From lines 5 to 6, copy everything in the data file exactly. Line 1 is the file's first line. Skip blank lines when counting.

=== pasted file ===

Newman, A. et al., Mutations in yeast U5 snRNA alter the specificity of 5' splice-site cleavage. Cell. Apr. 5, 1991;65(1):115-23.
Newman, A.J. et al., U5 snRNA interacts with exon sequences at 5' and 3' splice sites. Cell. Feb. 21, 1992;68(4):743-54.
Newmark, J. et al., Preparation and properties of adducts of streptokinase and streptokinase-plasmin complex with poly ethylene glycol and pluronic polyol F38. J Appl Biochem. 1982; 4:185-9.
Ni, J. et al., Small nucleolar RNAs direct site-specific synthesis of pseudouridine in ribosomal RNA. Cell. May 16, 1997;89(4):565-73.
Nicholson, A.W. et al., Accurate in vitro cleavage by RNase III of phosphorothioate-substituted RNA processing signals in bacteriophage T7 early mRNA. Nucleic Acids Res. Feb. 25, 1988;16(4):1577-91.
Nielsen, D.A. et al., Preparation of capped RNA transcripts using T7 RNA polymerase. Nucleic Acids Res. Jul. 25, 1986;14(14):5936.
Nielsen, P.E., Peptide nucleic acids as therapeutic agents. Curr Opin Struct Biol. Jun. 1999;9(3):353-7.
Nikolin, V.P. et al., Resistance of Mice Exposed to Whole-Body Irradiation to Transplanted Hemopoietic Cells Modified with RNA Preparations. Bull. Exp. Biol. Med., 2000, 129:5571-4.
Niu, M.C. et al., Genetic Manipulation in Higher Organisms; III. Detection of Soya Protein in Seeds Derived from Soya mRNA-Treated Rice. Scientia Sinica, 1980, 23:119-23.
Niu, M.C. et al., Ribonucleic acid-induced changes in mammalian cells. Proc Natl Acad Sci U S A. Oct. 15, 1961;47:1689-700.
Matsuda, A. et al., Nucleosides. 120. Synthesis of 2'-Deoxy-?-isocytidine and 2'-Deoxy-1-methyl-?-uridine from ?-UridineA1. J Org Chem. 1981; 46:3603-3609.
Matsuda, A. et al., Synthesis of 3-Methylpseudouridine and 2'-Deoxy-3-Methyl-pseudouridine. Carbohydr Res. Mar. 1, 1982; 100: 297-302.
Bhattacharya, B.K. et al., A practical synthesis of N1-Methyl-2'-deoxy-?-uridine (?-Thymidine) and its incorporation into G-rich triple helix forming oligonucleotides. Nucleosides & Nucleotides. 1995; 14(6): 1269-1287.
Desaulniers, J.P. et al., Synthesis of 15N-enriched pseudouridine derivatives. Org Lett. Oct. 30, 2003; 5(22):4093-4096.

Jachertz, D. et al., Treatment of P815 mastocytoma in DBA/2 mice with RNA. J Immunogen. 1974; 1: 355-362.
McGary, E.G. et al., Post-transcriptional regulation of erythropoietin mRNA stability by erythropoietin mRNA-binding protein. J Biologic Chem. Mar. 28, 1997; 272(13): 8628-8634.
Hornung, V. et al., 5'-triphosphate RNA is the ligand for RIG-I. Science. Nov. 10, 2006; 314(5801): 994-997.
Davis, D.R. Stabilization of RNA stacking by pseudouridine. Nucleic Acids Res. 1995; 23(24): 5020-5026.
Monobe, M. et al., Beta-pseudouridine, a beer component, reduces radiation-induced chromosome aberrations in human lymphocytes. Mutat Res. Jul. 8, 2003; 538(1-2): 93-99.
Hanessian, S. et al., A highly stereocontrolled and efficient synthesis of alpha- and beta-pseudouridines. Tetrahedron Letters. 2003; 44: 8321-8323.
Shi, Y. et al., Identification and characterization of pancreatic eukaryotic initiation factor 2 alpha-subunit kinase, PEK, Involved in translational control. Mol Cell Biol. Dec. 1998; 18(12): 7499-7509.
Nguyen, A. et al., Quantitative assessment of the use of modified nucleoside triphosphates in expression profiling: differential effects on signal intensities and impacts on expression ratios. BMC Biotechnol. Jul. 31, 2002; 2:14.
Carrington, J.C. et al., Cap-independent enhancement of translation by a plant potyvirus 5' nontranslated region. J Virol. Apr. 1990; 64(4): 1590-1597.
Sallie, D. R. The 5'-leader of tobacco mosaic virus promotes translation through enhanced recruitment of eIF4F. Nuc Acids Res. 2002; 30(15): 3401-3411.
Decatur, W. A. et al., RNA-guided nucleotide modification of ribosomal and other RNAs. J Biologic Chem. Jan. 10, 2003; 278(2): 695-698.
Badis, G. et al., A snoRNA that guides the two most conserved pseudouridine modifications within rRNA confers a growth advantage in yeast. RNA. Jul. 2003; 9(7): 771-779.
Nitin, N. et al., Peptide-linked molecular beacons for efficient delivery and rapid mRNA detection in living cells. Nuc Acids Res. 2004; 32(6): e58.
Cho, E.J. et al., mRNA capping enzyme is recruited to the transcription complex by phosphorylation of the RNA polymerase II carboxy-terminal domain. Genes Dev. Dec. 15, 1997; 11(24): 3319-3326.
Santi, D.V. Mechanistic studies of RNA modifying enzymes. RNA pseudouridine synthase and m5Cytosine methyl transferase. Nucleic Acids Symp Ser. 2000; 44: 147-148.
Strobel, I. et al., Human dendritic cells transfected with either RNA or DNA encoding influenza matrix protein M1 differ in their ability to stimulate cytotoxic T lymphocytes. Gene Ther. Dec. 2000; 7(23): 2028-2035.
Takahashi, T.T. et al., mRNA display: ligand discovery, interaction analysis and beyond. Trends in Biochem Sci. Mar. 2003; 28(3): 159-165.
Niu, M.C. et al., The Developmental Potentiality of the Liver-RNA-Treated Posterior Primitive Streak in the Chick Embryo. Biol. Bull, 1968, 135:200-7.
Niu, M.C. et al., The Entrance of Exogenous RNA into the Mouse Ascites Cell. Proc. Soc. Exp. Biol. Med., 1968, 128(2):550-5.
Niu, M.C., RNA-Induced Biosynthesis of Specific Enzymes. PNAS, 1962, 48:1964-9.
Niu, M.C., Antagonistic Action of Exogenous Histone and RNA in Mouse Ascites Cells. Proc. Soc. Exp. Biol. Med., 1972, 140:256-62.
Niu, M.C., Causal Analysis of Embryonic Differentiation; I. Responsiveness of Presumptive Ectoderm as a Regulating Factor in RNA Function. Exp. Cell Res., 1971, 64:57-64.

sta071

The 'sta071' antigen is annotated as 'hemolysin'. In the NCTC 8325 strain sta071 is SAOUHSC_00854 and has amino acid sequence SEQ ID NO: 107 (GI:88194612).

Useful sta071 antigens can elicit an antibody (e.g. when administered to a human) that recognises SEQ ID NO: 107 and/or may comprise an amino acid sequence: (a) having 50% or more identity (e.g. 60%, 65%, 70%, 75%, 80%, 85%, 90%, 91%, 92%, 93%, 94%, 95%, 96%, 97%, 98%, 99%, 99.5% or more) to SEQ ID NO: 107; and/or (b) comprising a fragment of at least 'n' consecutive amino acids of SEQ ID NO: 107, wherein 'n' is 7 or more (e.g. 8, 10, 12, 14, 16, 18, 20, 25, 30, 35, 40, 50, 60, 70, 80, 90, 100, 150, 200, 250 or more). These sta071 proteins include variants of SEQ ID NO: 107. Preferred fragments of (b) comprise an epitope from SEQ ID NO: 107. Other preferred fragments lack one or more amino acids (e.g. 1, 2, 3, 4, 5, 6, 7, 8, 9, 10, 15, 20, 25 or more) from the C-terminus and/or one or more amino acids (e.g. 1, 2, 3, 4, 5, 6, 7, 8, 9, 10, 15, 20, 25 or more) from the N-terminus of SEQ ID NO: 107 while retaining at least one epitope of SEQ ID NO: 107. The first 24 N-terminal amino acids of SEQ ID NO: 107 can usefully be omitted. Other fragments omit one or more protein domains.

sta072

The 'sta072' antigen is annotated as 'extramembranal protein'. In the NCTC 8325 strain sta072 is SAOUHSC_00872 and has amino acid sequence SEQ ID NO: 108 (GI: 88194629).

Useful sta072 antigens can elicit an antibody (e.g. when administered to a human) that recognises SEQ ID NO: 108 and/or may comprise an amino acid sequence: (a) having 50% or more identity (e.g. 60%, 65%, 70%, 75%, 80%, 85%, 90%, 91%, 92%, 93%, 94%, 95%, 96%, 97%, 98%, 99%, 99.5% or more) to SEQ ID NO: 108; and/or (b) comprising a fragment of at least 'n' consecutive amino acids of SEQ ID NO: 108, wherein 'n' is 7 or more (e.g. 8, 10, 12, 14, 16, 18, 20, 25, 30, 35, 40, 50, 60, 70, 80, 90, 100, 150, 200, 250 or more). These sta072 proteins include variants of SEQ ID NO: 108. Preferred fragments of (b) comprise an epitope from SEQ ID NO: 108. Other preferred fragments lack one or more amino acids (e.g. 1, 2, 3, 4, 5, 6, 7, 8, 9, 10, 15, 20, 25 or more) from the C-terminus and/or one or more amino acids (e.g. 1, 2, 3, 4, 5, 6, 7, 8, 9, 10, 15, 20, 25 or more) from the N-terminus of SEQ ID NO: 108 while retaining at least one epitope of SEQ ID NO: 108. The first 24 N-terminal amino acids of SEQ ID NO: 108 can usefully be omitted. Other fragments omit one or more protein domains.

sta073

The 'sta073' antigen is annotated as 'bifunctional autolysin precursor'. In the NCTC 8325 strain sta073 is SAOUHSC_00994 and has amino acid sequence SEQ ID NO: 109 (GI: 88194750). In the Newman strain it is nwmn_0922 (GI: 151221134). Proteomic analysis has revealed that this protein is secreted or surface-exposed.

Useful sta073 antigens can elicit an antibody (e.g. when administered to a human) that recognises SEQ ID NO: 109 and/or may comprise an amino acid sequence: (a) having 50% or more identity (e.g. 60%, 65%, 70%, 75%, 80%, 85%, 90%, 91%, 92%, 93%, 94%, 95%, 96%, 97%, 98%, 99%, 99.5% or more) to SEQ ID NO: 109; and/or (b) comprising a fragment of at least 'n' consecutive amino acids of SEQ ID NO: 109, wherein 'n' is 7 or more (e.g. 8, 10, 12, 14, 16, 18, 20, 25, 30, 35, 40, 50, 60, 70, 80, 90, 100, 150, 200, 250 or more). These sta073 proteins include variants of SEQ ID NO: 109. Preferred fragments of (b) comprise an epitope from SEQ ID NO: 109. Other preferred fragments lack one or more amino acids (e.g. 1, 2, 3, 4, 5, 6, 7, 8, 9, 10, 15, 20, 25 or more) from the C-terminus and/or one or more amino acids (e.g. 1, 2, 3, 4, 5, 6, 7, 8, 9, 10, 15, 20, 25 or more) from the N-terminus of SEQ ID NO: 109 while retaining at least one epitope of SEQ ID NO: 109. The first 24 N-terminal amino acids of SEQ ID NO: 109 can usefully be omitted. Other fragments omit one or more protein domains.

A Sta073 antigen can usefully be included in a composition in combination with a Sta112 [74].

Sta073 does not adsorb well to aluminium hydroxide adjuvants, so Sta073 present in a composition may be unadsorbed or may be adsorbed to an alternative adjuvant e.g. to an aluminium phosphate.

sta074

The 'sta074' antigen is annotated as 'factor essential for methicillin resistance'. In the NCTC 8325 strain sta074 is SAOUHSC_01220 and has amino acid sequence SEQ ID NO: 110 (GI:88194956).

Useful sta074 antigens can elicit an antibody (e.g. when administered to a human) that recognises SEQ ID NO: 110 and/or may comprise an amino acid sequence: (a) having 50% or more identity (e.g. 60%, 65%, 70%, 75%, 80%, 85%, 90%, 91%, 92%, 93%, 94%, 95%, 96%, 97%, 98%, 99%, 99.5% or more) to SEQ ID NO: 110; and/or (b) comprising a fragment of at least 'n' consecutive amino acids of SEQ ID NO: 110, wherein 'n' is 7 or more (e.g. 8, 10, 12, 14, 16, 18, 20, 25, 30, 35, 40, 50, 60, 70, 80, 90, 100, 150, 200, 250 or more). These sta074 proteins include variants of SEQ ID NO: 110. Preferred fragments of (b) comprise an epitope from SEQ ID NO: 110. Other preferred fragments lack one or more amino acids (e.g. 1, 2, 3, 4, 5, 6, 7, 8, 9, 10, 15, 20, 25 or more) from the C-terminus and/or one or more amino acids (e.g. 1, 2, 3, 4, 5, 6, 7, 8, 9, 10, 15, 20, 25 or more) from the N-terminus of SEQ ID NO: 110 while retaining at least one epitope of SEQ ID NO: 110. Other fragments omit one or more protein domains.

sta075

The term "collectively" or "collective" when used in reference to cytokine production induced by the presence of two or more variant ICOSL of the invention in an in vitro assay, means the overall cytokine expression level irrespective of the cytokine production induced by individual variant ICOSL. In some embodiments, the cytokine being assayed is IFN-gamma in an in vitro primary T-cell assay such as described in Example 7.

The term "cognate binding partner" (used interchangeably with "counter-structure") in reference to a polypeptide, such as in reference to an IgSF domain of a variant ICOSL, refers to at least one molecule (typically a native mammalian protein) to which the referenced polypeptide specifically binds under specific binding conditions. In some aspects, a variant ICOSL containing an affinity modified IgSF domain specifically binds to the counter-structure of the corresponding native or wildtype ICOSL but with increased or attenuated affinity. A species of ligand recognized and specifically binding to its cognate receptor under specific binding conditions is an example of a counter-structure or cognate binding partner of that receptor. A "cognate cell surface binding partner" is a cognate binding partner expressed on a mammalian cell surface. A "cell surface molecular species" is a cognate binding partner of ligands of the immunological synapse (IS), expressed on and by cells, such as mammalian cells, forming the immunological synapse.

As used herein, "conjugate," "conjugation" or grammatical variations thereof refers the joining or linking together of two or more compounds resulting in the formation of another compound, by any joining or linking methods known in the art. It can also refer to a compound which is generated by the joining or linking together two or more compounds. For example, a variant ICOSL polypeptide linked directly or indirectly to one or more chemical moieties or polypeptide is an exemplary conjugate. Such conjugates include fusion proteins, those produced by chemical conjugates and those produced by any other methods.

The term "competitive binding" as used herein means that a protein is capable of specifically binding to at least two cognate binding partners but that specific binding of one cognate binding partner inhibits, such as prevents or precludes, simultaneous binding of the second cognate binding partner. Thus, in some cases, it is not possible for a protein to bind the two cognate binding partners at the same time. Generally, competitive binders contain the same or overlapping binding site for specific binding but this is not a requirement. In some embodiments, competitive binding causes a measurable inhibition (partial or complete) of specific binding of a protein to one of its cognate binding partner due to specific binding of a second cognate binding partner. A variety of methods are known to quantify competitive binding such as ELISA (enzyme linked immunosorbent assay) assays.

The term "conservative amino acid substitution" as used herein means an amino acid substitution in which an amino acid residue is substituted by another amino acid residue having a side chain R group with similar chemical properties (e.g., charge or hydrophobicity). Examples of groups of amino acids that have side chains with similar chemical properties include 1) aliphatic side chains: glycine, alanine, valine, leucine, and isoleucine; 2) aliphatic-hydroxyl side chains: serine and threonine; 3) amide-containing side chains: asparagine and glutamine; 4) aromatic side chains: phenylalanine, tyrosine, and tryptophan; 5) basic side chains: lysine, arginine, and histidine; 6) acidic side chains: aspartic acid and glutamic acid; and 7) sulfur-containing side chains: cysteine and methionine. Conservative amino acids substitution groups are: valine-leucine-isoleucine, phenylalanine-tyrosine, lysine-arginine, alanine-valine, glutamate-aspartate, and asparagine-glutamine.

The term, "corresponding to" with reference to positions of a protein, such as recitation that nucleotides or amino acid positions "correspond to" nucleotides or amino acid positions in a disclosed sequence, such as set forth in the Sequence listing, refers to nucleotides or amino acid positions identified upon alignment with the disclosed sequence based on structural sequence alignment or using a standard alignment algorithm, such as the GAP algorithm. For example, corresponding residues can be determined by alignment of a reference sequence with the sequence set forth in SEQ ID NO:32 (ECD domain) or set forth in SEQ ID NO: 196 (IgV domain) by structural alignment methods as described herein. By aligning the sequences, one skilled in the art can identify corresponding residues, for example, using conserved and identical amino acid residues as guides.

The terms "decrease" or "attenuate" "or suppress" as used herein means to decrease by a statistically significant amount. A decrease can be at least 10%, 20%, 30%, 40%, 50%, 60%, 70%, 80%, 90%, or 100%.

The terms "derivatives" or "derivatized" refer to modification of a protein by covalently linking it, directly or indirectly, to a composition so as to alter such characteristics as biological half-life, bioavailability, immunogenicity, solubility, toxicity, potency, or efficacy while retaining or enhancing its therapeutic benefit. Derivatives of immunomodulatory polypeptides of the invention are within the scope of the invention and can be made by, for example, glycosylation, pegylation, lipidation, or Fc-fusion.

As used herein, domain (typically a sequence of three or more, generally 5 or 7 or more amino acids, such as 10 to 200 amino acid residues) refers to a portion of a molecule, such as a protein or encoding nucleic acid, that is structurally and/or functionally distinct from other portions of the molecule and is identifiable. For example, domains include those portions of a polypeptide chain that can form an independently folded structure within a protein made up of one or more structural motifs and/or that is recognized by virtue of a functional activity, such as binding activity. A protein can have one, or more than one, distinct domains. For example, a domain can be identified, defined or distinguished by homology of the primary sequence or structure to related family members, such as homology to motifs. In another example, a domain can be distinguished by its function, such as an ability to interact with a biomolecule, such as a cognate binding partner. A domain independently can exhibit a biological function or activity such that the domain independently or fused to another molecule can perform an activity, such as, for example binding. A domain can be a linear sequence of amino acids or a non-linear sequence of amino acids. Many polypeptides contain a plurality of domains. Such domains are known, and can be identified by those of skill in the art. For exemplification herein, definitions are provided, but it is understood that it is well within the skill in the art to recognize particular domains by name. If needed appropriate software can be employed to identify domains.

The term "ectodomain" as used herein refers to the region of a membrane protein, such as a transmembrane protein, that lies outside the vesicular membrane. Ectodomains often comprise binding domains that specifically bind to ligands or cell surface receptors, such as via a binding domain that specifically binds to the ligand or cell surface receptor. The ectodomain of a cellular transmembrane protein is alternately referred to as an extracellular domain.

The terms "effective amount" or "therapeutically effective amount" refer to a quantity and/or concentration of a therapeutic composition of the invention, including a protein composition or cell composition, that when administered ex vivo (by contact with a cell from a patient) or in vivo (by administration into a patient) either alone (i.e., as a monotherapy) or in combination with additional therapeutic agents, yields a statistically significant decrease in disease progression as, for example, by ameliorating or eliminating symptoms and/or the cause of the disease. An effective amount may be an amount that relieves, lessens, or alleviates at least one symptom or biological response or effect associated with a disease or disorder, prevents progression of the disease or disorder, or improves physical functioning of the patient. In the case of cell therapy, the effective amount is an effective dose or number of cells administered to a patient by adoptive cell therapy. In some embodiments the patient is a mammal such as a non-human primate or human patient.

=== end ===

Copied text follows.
Nicholson, A.W. et al., Accurate in vitro cleavage by RNase III of phosphorothioate-substituted RNA processing signals in bacteriophage T7 early mRNA. Nucleic Acids Res. Feb. 25, 1988;16(4):1577-91.
Nielsen, D.A. et al., Preparation of capped RNA transcripts using T7 RNA polymerase. Nucleic Acids Res. Jul. 25, 1986;14(14):5936.